Latin America & Caribbean

Venezuela first lady's nephews jailed for drugs

Efrain Antonio Campo Flores (second from left) and Franqui Francisco Flores de Freitas arrested in Haiti on 12 NOvember 2015 Image copyright Reuters
Image caption Efraín Antonio Campo Flores (second from left) and Franqui Francisco Flores de Freitas (third from right) were arrested in Haiti

Two nephews of Venezuela's first lady have been sentenced to 18 years in prison in the US after being convicted of trafficking drugs.

Franqui Francisco Flores de Freitas, 32, and Efraín Antonio Campo Flores, 31 were accused of conspiring to smuggle 1,700 pounds (800kg) of cocaine into the United States.

The men are the nephews of Cilia Flores, Venezuelan President Nicolás Maduro's wife.

The two were arrested in Haiti in 2015.

Venezuela has accused the US of kidnapping the two men and framing them in order to undermine Mr Maduro's socialist government.

Ms Flores is a member of Venezuela's powerful constituent assembly and served as speaker of the National Assembly between 2006 and 2011.

'No criminal record'

Flores de Freitas and Campos Flores were arrested in Haiti in November 2015 by undercover US Drug Enforcement agents.

They were taken to New York, charged with drug trafficking offences and convicted a year ago.

Prosecutors said they men were in Haiti making arrangements to smuggle cocaine from South America to the US via Honduras.

Prosecutors had sought for a sentence of 30 years, which US District Judge Paul Crotty in New York said "would be excessive" as they had no criminal record.

Image copyright Getty
Image caption The convicted men are nephews of Cilia Flores, President Maduro's wife

The two men denied the charges before they were convicted by a jury in November 2016.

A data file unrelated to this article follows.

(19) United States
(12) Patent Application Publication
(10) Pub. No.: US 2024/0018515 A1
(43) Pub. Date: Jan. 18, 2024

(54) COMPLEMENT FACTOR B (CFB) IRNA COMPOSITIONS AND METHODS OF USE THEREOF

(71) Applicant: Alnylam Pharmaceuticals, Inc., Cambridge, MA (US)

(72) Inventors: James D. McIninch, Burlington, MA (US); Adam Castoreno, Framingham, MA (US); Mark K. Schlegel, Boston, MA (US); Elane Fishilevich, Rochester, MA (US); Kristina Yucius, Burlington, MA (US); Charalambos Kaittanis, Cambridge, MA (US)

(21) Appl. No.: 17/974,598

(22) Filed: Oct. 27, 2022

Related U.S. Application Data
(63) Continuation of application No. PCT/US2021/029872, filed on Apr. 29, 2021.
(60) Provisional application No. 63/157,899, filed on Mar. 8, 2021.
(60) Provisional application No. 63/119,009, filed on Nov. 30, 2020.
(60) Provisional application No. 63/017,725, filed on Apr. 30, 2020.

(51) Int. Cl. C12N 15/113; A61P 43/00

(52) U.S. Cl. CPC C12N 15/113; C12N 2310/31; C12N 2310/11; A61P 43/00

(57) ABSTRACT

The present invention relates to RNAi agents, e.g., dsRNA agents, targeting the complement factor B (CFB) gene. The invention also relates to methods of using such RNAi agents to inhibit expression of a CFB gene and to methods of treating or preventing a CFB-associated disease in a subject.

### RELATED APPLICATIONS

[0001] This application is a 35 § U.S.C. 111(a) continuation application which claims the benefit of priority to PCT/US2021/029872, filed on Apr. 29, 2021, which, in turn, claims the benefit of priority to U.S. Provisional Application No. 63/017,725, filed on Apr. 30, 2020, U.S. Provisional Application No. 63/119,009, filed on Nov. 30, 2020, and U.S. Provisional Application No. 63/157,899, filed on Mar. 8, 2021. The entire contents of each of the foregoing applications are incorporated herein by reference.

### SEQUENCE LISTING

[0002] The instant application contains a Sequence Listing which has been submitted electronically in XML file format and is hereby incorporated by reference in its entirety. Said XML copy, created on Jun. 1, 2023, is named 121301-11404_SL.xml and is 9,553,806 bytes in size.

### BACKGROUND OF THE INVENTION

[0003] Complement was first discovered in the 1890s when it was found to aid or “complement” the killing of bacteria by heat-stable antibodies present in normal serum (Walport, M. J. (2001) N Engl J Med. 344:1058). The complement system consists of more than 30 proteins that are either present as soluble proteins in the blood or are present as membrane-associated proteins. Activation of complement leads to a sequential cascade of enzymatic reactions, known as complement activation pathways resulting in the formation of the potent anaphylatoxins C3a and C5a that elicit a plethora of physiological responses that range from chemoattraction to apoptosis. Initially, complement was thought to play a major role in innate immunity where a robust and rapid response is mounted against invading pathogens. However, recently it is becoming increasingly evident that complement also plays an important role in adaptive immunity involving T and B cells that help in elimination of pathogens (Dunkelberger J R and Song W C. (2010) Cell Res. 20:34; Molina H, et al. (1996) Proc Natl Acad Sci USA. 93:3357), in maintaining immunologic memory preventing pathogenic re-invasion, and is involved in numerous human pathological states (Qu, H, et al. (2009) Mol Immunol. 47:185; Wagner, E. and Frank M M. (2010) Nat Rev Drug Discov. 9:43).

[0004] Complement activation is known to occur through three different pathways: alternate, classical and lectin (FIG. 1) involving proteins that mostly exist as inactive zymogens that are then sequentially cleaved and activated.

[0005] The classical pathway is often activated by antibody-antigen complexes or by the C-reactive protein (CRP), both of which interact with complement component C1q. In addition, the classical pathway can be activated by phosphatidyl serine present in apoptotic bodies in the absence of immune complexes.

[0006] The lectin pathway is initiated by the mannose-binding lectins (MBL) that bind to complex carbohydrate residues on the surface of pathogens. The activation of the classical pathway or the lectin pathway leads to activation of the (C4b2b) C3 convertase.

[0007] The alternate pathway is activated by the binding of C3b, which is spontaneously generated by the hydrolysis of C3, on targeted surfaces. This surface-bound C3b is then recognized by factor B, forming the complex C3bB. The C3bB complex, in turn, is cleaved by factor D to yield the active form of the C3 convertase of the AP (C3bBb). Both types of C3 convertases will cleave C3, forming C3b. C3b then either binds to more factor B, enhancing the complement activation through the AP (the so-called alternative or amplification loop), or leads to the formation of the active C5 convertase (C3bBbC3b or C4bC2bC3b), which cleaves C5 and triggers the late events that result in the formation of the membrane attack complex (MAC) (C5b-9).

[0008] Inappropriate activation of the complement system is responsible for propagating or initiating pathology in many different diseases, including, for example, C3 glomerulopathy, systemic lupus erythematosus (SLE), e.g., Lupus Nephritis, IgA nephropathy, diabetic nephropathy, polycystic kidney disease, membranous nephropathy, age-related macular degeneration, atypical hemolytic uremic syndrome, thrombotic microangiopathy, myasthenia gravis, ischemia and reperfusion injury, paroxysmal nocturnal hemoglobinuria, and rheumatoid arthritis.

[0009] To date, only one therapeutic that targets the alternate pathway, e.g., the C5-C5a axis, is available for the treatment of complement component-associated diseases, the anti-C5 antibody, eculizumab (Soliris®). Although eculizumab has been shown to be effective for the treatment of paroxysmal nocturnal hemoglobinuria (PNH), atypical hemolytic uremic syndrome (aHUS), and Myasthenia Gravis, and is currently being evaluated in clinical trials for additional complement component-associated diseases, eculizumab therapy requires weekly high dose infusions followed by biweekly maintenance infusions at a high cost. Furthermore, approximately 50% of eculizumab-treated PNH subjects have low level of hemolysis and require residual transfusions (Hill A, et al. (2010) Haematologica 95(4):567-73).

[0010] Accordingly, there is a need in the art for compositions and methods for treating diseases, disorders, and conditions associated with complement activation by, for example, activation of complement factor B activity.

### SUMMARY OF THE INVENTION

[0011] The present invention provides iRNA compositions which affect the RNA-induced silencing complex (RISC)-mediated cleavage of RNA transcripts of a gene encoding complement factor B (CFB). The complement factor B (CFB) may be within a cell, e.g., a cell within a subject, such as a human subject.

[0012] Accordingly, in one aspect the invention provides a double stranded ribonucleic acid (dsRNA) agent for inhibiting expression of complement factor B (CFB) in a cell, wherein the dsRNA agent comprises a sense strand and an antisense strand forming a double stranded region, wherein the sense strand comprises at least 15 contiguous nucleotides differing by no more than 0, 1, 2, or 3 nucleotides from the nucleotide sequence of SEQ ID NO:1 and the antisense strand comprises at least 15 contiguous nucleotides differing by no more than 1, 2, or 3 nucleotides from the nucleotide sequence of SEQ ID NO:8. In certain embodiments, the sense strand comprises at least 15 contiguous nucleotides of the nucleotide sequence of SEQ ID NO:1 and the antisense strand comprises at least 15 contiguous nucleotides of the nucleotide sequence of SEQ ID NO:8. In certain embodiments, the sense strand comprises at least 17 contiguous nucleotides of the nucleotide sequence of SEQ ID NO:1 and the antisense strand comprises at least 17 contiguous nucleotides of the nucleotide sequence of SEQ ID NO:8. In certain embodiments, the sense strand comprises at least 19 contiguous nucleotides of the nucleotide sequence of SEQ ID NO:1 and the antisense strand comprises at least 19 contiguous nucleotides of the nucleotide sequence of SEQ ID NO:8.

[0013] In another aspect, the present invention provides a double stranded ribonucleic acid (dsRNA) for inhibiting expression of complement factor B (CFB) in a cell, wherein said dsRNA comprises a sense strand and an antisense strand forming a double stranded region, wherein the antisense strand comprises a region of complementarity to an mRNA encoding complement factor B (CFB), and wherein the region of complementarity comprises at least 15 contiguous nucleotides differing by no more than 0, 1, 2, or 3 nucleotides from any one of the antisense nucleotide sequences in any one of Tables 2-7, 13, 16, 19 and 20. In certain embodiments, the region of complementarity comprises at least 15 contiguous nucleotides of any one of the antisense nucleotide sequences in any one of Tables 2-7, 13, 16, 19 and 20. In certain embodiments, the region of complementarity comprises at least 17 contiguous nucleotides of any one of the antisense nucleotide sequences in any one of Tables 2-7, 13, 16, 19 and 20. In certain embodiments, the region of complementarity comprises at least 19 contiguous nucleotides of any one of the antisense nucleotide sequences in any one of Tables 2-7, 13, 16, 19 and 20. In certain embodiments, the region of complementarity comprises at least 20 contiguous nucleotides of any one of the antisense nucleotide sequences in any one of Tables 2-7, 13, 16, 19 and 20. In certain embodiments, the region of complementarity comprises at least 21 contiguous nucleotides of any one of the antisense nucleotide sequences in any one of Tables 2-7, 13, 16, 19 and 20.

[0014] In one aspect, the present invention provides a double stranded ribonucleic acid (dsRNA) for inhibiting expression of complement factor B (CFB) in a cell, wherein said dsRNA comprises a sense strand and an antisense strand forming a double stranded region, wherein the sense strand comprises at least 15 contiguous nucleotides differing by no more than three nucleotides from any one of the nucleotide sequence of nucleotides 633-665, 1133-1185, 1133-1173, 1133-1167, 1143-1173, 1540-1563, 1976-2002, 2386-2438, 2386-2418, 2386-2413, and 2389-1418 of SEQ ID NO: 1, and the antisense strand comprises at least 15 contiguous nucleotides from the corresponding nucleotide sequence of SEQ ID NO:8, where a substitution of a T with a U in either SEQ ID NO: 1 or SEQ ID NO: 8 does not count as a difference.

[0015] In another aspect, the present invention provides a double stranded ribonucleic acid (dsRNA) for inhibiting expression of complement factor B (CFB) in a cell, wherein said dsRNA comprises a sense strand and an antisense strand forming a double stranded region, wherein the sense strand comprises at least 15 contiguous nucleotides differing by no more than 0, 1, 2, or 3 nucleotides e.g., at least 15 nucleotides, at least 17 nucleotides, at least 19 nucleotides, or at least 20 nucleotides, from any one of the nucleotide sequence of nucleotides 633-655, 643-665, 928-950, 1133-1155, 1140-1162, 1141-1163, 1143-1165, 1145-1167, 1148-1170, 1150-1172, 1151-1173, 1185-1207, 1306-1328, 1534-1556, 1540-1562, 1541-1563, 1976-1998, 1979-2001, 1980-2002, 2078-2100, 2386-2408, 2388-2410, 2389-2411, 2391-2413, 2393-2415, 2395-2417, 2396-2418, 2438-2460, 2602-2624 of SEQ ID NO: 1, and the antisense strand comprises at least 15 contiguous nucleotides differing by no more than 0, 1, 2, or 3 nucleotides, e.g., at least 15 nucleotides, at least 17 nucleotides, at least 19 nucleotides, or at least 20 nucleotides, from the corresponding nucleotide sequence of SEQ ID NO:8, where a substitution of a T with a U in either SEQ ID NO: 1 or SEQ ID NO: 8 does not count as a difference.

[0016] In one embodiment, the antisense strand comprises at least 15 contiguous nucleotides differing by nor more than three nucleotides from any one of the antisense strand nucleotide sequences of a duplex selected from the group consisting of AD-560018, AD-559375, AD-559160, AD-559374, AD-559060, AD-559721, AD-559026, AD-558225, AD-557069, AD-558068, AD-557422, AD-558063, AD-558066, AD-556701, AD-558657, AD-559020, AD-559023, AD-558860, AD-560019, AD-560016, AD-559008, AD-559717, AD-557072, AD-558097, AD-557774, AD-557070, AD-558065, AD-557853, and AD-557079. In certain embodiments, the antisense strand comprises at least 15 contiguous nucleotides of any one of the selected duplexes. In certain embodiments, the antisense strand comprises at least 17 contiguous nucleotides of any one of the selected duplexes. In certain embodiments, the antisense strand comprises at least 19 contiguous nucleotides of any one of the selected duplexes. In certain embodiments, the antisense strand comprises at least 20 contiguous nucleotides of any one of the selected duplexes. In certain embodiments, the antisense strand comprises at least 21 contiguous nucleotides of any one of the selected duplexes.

Earlier this year, they said in court that the alleged plot "could never actually have been executed".

'A good person'

Before Judge Crotty announced the sentence, Flores de Freitas and Campos Flores asked for a shorter sentence.

"I've always been a good person," said Flores de Freitas.

"Even in jail I tried to help those who were in a worse psychological situation than I find myself in."

The case has caused further damage to already strained relations between the US and Venezuela.

In July, US President Donald Trump imposed sanctions on Mr Maduro and other senior Venezuelan officials for alleged human rights violations.

A wave of anti-government protests in Venezuela left more than 120 people dead in the first half of the year.

Mr Maduro, who is in Cuba attending a meeting of regional leaders, has accused the US of leading a relentless campaign to destabilise left-wing governments in Venezuela and other Latin American countries.

He said the US was effectively imposing an "economic blockade" on Venezuela, which has for years suffered with high inflation, rampant violence and the shortage of basic goods.

More on this story